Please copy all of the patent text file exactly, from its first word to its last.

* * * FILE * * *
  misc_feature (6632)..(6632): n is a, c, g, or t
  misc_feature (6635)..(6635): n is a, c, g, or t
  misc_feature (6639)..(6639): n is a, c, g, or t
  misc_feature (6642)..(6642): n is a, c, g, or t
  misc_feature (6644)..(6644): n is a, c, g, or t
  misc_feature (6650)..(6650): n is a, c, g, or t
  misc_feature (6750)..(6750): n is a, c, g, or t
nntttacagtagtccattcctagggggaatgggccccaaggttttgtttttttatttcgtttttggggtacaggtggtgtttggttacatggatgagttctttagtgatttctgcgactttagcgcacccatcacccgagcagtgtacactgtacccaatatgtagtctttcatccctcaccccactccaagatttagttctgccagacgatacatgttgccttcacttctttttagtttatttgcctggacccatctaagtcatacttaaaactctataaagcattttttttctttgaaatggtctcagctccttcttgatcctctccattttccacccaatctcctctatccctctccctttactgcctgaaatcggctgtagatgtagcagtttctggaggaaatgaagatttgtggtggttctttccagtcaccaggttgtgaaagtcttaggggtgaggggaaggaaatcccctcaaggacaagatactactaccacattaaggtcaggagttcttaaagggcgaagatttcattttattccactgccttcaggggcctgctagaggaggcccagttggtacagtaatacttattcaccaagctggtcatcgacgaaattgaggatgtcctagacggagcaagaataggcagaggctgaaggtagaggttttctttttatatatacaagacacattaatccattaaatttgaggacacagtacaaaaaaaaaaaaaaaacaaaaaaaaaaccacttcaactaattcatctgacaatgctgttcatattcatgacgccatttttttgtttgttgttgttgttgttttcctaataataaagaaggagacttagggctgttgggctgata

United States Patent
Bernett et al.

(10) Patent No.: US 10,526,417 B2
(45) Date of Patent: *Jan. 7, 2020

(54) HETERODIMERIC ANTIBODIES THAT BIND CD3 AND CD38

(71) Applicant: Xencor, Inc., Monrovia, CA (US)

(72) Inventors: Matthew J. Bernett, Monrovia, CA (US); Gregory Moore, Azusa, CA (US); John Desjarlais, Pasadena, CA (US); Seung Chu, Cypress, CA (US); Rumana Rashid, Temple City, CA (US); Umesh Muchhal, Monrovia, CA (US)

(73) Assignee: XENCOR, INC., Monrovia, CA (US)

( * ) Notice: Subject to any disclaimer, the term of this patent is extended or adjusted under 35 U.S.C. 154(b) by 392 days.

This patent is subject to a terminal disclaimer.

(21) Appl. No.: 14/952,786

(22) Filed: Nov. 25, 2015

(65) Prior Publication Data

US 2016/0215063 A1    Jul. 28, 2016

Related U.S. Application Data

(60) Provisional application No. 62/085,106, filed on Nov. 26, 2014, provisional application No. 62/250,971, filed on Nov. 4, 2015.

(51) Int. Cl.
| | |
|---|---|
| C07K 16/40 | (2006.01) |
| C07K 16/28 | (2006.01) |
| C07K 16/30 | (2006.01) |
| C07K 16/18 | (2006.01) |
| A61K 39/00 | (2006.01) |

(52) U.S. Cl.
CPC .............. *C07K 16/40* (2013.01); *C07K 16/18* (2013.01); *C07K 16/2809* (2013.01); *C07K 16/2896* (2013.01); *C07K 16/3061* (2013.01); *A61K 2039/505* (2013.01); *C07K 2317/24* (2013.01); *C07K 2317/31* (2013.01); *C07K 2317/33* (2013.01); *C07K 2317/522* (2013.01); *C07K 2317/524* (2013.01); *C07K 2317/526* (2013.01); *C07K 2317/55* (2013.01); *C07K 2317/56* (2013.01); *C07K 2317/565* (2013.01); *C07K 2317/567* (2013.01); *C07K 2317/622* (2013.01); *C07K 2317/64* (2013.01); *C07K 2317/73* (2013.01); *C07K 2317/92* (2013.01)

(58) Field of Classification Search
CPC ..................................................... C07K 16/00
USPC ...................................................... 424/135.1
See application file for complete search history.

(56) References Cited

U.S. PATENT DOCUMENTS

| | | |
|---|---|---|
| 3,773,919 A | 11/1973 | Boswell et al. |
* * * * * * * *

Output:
  misc_feature (6632)..(6632): n is a, c, g, or t
  misc_feature (6635)..(6635): n is a, c, g, or t
  misc_feature (6639)..(6639): n is a, c, g, or t
  misc_feature (6642)..(6642): n is a, c, g, or t
  misc_feature (6644)..(6644): n is a, c, g, or t
  misc_feature (6650)..(6650): n is a, c, g, or t
  misc_feature (6750)..(6750): n is a, c, g, or t
nntttacagtagtccattcctagggggaatgggccccaaggttttgtttttttatttcgtttttggggtacaggtggtgtttggttacatggatgagttctttagtgatttctgcgactttagcgcacccatcacccgagcagtgtacactgtacccaatatgtagtctttcatccctcaccccactccaagatttagttctgccagacgatacatgttgccttcacttctttttagtttatttgcctggacccatctaagtcatacttaaaactctataaagcattttttttctttgaaatggtctcagctccttcttgatcctctccattttccacccaatctcctctatccctctccctttactgcctgaaatcggctgtagatgtagcagtttctggaggaaatgaagatttgtggtggttctttccagtcaccaggttgtgaaagtcttaggggtgaggggaaggaaatcccctcaaggacaagatactactaccacattaaggtcaggagttcttaaagggcgaagatttcattttattccactgccttcaggggcctgctagaggaggcccagttggtacagtaatacttattcaccaagctggtcatcgacgaaattgaggatgtcctagacggagcaagaataggcagaggctgaaggtagaggttttctttttatatatacaagacacattaatccattaaatttgaggacacagtacaaaaaaaaaaaaaaaacaaaaaaaaaaccacttcaactaattcatctgacaatgctgttcatattcatgacgccatttttttgtttgttgttgttgttgttttcctaataataaagaaggagacttagggctgttgggctgata

United States Patent
Bernett et al.

(10) Patent No.: US 10,526,417 B2
(45) Date of Patent: *Jan. 7, 2020

(54) HETERODIMERIC ANTIBODIES THAT BIND CD3 AND CD38

(71) Applicant: Xencor, Inc., Monrovia, CA (US)

(72) Inventors: Matthew J. Bernett, Monrovia, CA (US); Gregory Moore, Azusa, CA (US); John Desjarlais, Pasadena, CA (US); Seung Chu, Cypress, CA (US); Rumana Rashid, Temple City, CA (US); Umesh Muchhal, Monrovia, CA (US)

(73) Assignee: XENCOR, INC., Monrovia, CA (US)

( * ) Notice: Subject to any disclaimer, the term of this patent is extended or adjusted under 35 U.S.C. 154(b) by 392 days.

This patent is subject to a terminal disclaimer.

(21) Appl. No.: 14/952,786

(22) Filed: Nov. 25, 2015

(65) Prior Publication Data

US 2016/0215063 A1    Jul. 28, 2016

Related U.S. Application Data

(60) Provisional application No. 62/085,106, filed on Nov. 26, 2014, provisional application No. 62/250,971, filed on Nov. 4, 2015.

(51) Int. Cl.
| | |
|---|---|
| C07K 16/40 | (2006.01) |
| C07K 16/28 | (2006.01) |
| C07K 16/30 | (2006.01) |
| C07K 16/18 | (2006.01) |
| A61K 39/00 | (2006.01) |

(52) U.S. Cl.
CPC .............. *C07K 16/40* (2013.01); *C07K 16/18* (2013.01); *C07K 16/2809* (2013.01); *C07K 16/2896* (2013.01); *C07K 16/3061* (2013.01); *A61K 2039/505* (2013.01); *C07K 2317/24* (2013.01); *C07K 2317/31* (2013.01); *C07K 2317/33* (2013.01); *C07K 2317/522* (2013.01); *C07K 2317/524* (2013.01); *C07K 2317/526* (2013.01); *C07K 2317/55* (2013.01); *C07K 2317/56* (2013.01); *C07K 2317/565* (2013.01); *C07K 2317/567* (2013.01); *C07K 2317/622* (2013.01); *C07K 2317/64* (2013.01); *C07K 2317/73* (2013.01); *C07K 2317/92* (2013.01)

(58) Field of Classification Search
CPC ..................................................... C07K 16/00
USPC ...................................................... 424/135.1
See application file for complete search history.

(56) References Cited

U.S. PATENT DOCUMENTS

| | | |
|---|---|---|
| 3,773,919 A | 11/1973 | Boswell et al. |